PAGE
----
Researchers at Kansas State University are investigating the effects of feeding industrial hemp to cattle. A $200,000 grant from The U.S. Department of Agriculture will fund the researchers’ curiosity.
“Although hemp can be legally cultivated under license in Kansas, feeding hemp products to livestock remains prohibited because the potential for cannabinoid drug residues to accumulate in meat and milk has not been studied,” Hans Coetzee, a professor at Kansas State University, told the press.
This research will be a preliminary look at the viability of feeding hemp to livestock that will be part of the decision ultimately made by the Association of American Feed Control Officials and the FDA.
The worry about feeding hemp to animals is that residual cannabinoids could build up in the tissues of the livestock, introducing the potential drugs to unsuspecting consumers. Since cattle naturally consume fibers very similar to hemp byproducts, namely those rich in cellulose, the plant could be a rich feed for cattle as long as feeding cows hemp doesn’t have unintended consequences.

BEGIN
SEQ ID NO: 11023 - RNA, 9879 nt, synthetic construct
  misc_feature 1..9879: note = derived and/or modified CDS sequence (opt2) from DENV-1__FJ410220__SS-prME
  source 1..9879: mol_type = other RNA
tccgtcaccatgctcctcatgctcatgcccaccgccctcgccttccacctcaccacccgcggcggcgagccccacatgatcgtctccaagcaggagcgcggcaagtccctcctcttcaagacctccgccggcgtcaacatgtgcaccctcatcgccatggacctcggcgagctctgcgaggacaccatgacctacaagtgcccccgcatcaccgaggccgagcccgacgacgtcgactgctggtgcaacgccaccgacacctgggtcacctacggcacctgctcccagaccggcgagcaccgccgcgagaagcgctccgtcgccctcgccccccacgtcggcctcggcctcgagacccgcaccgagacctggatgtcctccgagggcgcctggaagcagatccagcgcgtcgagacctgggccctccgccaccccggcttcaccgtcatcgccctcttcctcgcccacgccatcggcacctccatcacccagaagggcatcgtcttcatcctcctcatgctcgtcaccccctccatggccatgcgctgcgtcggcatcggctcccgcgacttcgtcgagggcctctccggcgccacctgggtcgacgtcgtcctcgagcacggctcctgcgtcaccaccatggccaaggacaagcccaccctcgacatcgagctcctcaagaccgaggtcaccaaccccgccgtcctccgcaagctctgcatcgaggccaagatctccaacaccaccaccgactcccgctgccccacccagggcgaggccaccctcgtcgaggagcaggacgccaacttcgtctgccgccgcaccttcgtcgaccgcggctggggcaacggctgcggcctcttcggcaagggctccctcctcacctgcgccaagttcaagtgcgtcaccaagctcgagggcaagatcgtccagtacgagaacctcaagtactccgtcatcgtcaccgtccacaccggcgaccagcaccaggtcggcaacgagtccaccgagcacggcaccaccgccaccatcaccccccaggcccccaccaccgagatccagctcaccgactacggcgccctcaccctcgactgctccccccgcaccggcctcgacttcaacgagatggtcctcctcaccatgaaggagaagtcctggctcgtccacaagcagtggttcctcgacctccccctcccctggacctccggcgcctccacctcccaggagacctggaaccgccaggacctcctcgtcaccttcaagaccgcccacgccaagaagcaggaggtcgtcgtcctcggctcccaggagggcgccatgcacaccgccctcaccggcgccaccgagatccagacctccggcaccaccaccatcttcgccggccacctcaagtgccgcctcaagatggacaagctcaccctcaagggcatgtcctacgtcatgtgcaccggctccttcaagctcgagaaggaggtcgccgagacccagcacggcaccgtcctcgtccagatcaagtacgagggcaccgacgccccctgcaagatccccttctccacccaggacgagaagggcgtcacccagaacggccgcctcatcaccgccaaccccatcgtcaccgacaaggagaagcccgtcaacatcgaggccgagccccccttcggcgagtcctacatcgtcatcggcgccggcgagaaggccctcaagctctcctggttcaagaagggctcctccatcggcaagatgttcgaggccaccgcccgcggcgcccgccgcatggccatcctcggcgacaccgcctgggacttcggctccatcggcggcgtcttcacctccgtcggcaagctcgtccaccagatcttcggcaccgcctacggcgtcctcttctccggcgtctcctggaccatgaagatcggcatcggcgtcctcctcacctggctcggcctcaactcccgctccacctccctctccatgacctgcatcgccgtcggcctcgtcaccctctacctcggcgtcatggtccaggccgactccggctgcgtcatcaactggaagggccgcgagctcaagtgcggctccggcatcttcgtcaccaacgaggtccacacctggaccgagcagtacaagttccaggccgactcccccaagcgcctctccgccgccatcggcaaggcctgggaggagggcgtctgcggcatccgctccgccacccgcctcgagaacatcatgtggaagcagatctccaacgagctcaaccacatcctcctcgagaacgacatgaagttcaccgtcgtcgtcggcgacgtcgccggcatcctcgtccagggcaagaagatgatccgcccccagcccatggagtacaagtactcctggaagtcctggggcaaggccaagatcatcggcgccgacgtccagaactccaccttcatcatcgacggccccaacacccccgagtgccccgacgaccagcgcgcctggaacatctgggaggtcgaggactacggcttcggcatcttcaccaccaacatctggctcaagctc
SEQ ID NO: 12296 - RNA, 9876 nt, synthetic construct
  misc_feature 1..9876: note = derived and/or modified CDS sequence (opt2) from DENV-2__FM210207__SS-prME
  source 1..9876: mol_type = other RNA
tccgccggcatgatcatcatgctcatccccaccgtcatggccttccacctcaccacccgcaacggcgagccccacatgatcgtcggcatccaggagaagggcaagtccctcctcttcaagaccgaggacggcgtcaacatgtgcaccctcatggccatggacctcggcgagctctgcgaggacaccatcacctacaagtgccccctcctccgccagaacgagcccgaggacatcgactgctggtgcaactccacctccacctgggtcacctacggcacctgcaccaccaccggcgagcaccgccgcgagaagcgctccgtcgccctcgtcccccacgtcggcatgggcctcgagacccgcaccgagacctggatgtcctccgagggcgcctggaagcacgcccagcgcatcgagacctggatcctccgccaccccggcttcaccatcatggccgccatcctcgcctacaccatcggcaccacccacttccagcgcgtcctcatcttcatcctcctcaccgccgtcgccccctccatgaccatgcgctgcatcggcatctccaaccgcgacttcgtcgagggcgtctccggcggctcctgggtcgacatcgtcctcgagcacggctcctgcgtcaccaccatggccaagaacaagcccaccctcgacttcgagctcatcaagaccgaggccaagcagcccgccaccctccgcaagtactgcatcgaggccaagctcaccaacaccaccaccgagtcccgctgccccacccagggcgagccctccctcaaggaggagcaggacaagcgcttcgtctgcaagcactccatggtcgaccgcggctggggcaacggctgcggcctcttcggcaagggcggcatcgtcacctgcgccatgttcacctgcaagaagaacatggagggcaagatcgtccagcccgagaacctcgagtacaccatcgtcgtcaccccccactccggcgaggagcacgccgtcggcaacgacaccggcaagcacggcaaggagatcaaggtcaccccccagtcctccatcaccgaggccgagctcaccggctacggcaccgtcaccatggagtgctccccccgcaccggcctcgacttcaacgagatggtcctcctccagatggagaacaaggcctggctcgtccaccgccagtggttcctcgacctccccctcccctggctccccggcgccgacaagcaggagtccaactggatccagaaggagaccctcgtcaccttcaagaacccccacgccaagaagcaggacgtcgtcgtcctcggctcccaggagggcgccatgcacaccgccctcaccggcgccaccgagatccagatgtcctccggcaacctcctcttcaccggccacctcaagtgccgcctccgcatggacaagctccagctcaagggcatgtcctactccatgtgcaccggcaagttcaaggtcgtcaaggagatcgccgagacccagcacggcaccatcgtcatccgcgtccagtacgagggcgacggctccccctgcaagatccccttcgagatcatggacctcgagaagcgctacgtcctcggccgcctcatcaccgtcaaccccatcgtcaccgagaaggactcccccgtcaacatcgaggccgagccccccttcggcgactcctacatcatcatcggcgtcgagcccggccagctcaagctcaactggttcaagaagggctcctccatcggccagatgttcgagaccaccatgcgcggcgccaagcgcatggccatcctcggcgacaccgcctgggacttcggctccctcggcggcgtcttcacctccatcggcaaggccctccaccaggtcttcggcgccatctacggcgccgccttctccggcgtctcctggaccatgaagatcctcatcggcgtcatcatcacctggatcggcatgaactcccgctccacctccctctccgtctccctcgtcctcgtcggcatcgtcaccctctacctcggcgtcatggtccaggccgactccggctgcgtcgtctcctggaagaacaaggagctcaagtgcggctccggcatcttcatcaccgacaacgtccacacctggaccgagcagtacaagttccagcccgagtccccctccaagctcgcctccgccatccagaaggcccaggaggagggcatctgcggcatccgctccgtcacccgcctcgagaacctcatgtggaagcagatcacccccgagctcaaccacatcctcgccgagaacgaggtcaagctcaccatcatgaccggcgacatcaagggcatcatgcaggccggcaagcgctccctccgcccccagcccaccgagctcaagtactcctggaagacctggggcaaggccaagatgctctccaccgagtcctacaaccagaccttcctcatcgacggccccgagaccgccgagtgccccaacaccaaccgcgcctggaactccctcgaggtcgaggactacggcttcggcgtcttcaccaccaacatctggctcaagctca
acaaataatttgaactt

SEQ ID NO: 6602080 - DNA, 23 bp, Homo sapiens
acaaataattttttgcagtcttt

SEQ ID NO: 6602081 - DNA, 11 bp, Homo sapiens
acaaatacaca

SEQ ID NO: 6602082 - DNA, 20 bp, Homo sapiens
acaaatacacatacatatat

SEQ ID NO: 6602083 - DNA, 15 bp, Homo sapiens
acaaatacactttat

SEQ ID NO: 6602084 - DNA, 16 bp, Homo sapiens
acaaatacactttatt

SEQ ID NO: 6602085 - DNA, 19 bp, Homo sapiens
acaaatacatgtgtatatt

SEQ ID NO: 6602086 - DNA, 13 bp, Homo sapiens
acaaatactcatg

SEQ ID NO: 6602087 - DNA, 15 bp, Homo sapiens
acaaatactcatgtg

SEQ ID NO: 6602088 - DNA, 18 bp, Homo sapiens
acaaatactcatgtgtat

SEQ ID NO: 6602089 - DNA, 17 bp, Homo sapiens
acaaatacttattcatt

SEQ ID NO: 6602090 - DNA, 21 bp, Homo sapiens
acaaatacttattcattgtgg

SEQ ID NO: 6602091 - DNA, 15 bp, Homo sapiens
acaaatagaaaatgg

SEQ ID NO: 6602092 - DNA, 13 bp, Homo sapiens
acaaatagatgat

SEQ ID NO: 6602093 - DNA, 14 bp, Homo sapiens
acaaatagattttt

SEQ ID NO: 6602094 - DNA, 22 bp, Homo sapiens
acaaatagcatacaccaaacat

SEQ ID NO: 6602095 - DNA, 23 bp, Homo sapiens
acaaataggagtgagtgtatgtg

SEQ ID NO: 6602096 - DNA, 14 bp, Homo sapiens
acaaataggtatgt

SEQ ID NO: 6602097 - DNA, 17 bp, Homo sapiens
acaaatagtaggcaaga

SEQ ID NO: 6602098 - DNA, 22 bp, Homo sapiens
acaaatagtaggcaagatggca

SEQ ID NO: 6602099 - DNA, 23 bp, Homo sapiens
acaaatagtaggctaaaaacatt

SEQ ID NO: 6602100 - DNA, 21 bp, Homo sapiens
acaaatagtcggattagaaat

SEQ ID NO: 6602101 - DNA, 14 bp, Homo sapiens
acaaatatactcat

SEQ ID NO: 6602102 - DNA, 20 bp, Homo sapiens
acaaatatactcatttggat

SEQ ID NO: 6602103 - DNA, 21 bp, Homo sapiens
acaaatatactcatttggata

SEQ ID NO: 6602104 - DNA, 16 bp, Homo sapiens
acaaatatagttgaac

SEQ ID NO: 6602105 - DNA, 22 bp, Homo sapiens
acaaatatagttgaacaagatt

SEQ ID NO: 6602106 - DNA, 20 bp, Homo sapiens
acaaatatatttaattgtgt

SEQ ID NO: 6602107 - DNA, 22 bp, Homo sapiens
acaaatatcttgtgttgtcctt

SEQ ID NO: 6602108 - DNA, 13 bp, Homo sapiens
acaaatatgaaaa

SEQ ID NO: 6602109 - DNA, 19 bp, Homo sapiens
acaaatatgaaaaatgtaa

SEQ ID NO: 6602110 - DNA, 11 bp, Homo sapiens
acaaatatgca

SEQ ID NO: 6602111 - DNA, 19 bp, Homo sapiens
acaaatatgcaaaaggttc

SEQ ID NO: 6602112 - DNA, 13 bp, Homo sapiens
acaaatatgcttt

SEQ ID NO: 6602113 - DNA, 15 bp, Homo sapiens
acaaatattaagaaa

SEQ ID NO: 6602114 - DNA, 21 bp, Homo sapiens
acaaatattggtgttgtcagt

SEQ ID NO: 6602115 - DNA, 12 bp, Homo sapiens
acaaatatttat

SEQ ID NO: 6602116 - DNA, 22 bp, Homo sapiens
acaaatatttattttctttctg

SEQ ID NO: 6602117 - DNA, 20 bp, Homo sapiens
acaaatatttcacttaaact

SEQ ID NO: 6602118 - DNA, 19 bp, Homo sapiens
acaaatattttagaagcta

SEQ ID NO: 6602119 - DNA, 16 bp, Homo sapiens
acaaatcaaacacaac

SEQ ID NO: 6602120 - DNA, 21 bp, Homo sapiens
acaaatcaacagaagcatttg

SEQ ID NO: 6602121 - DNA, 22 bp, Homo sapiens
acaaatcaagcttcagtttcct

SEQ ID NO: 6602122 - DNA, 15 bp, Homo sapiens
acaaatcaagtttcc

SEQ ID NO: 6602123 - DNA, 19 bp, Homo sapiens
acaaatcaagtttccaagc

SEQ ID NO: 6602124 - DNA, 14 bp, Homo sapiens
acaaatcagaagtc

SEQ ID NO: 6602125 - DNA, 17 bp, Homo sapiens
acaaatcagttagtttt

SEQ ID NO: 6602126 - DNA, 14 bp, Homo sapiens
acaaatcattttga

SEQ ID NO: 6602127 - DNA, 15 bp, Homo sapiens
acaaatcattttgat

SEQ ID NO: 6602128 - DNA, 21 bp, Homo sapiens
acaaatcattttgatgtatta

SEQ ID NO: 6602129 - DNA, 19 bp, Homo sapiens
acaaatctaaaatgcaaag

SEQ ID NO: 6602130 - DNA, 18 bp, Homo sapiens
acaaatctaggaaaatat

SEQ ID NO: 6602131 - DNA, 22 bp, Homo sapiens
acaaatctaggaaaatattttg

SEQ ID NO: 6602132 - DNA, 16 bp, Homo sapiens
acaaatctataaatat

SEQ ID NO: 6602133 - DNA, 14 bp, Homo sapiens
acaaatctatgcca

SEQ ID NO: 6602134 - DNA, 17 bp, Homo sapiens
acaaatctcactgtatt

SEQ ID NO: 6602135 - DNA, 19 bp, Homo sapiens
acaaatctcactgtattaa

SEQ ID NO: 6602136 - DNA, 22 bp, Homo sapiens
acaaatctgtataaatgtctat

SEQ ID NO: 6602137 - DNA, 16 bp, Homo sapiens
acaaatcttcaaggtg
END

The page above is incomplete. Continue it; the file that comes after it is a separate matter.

“Now that we have found that some cannabinoids are readily absorbed from the rumen, the next steps are to study the tissue and milk residue depletion profiles of these compounds after animal feeding experiments,” Coetzee said. “The effects of cannabinoids on cattle are also unknown. Our goal is to fill in the knowledge gaps. Until feedstuffs containing hemp are established as safe in animals, our data will assist producers in managing situations involving intentional or unintentional hemp exposures.”